Amplitude Modulation (AM) vs Frequency Modulation (FM): Introductory Differences

Radio waves have been an integral part of our lives for over a century, delivering news, music, and entertainment to millions of listeners worldwide. Two of the most widely used modulation technologies for broadcasting are Amplitude Modulation (AM) and Frequency Modulation (FM). While both serve the same fundamental purpose, they employ distinct techniques to transmit information.

Modulation Difference

  • AM: In AM, the amplitude (or strength) of the carrier wave is varied in proportion to the audio signal being transmitted. This means that the amplitude of the carrier wave increases and decreases according to the sound wave’s shape.
  • FM: In FM, instead of varying the amplitude, the frequency of the carrier wave is modulated by the audio signal. As the audio signal varies, the frequency of the carrier wave changes accordingly.

Application Differences

Frequency Range

  • AM: AM consists of three frequency bands, each with its own frequency range:
    • Long Wave (LW): Long Wave AM broadcasts typically cover the frequency range from 30 kHz to 300 kHz.
    • Medium Wave (MW): Medium Wave AM broadcasts occupy the frequency range from 530 kHz to 1.7 MHz. This is the most common range for standard AM radio broadcasting.
    • Short Wave (SW): Short Wave AM broadcasts span a wide range of frequencies typically from 1.6 MHz to 30 MHz. Short Wave is known for its ability to propagate over long distances, often used for international broadcasting and amateur radio.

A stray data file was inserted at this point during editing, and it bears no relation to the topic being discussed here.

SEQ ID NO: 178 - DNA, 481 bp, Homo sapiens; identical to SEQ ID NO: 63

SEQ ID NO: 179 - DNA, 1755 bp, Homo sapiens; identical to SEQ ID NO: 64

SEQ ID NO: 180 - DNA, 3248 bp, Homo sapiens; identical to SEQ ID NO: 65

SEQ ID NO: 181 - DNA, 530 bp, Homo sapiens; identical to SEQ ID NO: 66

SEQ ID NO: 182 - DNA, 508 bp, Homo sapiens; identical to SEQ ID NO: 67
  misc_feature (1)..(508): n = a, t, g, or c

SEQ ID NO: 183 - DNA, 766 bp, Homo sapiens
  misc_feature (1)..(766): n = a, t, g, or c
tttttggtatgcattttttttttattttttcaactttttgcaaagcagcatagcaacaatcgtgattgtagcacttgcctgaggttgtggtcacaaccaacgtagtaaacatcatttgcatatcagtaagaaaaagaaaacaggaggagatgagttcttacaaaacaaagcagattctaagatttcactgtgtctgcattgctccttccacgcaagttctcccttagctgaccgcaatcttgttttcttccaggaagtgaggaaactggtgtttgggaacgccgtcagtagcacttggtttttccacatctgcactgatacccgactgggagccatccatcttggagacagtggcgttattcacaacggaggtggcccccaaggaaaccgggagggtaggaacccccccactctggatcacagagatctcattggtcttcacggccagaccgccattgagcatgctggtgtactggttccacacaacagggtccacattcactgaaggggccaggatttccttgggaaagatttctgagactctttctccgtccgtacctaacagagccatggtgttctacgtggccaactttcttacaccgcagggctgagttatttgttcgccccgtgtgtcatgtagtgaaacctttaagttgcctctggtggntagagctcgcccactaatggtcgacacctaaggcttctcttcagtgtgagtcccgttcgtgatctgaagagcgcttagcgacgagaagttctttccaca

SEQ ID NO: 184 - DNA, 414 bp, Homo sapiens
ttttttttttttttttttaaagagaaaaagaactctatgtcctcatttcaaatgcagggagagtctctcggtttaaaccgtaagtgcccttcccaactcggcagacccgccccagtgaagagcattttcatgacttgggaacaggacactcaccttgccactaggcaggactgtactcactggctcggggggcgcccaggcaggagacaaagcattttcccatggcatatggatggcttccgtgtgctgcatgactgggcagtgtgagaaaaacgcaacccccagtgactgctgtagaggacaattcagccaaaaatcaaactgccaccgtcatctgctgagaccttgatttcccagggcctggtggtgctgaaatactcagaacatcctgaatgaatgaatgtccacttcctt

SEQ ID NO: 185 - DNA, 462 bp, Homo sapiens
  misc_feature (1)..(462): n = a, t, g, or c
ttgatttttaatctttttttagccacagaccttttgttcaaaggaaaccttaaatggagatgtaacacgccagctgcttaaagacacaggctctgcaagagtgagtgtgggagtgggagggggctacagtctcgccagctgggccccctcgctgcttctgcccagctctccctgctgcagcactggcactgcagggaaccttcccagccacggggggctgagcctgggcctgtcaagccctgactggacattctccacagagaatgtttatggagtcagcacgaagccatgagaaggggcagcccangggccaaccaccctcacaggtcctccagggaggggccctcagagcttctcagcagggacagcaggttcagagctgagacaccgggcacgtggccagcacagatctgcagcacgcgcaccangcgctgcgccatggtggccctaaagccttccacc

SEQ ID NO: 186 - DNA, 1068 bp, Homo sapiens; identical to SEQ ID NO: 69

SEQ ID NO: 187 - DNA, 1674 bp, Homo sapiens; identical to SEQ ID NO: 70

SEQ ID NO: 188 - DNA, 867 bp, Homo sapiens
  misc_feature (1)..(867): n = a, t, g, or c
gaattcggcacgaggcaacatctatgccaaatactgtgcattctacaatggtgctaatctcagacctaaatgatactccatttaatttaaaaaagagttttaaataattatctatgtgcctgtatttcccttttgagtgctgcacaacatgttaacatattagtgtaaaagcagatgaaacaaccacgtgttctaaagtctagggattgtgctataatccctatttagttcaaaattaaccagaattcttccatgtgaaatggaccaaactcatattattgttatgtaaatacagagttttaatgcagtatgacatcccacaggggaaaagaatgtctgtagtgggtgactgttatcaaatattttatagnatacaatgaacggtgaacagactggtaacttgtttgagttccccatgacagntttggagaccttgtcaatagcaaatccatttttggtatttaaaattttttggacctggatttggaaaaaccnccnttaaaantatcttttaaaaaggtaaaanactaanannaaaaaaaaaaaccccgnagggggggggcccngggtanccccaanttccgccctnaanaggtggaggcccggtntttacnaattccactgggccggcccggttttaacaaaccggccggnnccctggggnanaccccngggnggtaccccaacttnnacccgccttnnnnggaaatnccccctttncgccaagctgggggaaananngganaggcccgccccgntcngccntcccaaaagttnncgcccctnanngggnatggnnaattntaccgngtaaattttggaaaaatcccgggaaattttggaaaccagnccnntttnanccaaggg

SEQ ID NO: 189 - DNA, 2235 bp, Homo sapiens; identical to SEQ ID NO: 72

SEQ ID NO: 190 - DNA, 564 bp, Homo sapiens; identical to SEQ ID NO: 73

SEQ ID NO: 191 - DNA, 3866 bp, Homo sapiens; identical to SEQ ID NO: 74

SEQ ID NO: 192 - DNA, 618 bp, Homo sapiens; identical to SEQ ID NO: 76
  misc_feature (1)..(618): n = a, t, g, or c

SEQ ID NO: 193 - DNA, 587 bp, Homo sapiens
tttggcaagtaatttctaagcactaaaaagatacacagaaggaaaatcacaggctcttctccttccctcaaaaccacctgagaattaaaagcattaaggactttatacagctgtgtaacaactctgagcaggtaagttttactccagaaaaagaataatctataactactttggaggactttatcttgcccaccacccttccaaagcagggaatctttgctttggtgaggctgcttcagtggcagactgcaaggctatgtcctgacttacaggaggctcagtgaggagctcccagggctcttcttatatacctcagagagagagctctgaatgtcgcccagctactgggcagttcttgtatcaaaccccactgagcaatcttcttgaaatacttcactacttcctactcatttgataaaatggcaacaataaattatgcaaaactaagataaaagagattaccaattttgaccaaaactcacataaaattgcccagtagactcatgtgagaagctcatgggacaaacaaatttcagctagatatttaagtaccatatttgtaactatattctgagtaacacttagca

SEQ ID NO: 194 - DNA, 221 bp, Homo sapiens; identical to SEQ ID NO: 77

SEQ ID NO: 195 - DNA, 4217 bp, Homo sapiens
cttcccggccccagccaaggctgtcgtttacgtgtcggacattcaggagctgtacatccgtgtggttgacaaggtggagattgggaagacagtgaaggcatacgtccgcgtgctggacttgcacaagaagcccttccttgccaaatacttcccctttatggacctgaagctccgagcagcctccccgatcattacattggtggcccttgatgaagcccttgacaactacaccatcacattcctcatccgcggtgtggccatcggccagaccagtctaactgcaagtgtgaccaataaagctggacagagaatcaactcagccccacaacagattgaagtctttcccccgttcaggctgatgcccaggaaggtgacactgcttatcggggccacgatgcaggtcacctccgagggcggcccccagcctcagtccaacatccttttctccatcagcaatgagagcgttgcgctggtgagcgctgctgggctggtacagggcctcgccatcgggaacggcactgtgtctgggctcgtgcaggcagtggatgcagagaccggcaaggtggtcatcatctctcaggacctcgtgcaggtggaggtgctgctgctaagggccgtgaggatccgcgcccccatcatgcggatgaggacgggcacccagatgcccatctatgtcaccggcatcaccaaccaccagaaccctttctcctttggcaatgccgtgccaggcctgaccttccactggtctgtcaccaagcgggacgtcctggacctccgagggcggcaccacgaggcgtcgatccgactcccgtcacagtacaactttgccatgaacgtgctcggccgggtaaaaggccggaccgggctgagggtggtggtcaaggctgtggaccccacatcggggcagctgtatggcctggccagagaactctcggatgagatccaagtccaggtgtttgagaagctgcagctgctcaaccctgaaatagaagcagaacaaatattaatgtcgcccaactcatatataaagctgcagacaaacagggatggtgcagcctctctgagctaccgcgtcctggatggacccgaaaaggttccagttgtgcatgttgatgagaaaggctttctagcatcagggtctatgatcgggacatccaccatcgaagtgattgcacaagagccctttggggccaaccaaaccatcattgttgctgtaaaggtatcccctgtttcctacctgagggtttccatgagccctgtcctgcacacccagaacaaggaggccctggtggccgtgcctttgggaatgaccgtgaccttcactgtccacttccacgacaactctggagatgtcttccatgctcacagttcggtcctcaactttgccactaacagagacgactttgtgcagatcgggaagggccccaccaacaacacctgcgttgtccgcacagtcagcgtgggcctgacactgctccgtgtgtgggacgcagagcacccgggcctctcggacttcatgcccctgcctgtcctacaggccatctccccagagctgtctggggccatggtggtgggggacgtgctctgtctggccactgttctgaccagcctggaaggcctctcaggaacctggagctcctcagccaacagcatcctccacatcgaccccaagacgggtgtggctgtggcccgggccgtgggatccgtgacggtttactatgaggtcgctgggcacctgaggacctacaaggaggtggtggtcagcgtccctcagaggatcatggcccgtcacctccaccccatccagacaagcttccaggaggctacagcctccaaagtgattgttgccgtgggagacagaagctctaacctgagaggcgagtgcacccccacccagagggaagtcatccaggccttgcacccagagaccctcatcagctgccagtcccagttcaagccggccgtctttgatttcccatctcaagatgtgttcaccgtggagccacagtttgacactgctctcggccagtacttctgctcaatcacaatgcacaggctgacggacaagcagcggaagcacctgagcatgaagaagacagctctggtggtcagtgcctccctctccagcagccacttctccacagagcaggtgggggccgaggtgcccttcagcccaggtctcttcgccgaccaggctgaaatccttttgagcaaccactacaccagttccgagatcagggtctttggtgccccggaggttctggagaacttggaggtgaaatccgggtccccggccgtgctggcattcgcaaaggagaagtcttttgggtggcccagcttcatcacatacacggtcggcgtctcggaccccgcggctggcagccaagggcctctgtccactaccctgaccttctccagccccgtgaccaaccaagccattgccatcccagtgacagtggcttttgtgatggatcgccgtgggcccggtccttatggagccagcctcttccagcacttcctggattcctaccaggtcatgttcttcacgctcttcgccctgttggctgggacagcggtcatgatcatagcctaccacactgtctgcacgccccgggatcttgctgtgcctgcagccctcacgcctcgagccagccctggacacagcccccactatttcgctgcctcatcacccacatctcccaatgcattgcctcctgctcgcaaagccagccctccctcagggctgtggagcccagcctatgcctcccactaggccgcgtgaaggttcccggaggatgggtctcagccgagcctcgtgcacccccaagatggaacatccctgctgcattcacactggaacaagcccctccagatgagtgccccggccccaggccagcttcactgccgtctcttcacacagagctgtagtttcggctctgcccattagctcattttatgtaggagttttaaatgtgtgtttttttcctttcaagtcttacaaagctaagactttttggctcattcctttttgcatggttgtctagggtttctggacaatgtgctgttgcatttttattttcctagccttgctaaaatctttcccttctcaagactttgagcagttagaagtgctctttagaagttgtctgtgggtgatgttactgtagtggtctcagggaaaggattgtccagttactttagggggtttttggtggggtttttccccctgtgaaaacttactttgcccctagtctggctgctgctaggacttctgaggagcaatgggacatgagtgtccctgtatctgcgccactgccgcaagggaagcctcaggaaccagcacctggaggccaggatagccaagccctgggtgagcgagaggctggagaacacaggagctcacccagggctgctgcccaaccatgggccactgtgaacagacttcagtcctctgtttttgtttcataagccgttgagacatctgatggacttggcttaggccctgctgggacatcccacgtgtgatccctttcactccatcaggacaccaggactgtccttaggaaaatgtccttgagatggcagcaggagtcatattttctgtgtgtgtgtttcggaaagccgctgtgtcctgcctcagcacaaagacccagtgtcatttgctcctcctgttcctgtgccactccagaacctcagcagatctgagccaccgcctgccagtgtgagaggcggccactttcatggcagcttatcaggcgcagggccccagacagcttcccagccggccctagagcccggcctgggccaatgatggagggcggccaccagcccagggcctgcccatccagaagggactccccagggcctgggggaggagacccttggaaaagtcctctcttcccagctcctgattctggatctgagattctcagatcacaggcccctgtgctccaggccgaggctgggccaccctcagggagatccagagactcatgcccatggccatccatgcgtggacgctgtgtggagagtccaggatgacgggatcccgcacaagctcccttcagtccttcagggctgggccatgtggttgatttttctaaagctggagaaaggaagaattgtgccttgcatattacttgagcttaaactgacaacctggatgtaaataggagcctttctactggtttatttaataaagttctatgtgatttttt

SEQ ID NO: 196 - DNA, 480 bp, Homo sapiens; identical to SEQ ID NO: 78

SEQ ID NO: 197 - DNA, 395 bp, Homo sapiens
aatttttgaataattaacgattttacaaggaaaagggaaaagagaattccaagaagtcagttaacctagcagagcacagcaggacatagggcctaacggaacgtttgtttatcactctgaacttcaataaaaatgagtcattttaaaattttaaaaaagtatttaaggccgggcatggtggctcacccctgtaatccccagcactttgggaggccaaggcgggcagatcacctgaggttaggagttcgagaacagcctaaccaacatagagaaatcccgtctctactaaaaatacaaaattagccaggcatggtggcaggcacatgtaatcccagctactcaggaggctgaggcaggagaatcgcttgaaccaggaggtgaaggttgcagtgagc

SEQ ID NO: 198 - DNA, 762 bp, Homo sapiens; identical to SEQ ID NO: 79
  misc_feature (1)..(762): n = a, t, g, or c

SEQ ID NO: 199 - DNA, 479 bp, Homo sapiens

Each of these frequency bands serves specific purposes and has distinct propagation characteristics, making them suitable for different types of radio communication.

  • FM: FM radio operates in the Very High Frequency (VHF) band, generally between 87.5 MHz and 108 MHz. This higher frequency range allows FM to transmit higher audio frequencies, resulting in better sound quality.

Bandwidth

  • AM: AM transmissions require less bandwidth compared to FM, making it suitable for broadcasting over long distances with fewer transmitters.
  • FM: FM broadcasts require a wider bandwidth due to the varying frequency modulation. This limits its effective range but allows for a higher audio fidelity.

Signal Quality

  • AM: AM is susceptible to various forms of interference, including static and electromagnetic interference. This often results in a lower signal quality and less clarity, especially during adverse weather conditions.
  • FM: FM is known for its superior signal quality. It is less susceptible to interference, providing clear and consistent audio, even in challenging conditions.

Power Consumption

  • AM: AM transmitters tend to consume less power than FM transmitters, making them more energy-efficient.
  • FM: FM transmitters require higher power levels, which can lead to increased operational costs.

Complexity of Tank Circuit

  • AM: AM modulation is relatively straightforward, making it easier and more cost-effective to implement.
  • FM: FM modulation is more complex, requiring precise circuitry to achieve accurate frequency variations.

Conclusion

AM and FM modulation technologies have distinct technical differences that cater to specific broadcasting needs. While AM offers greater coverage with lower power consumption, FM excels in delivering high-quality audio with less susceptibility to interference.


References

Abdullah As-Sadeed

Abdullah As-Sadeed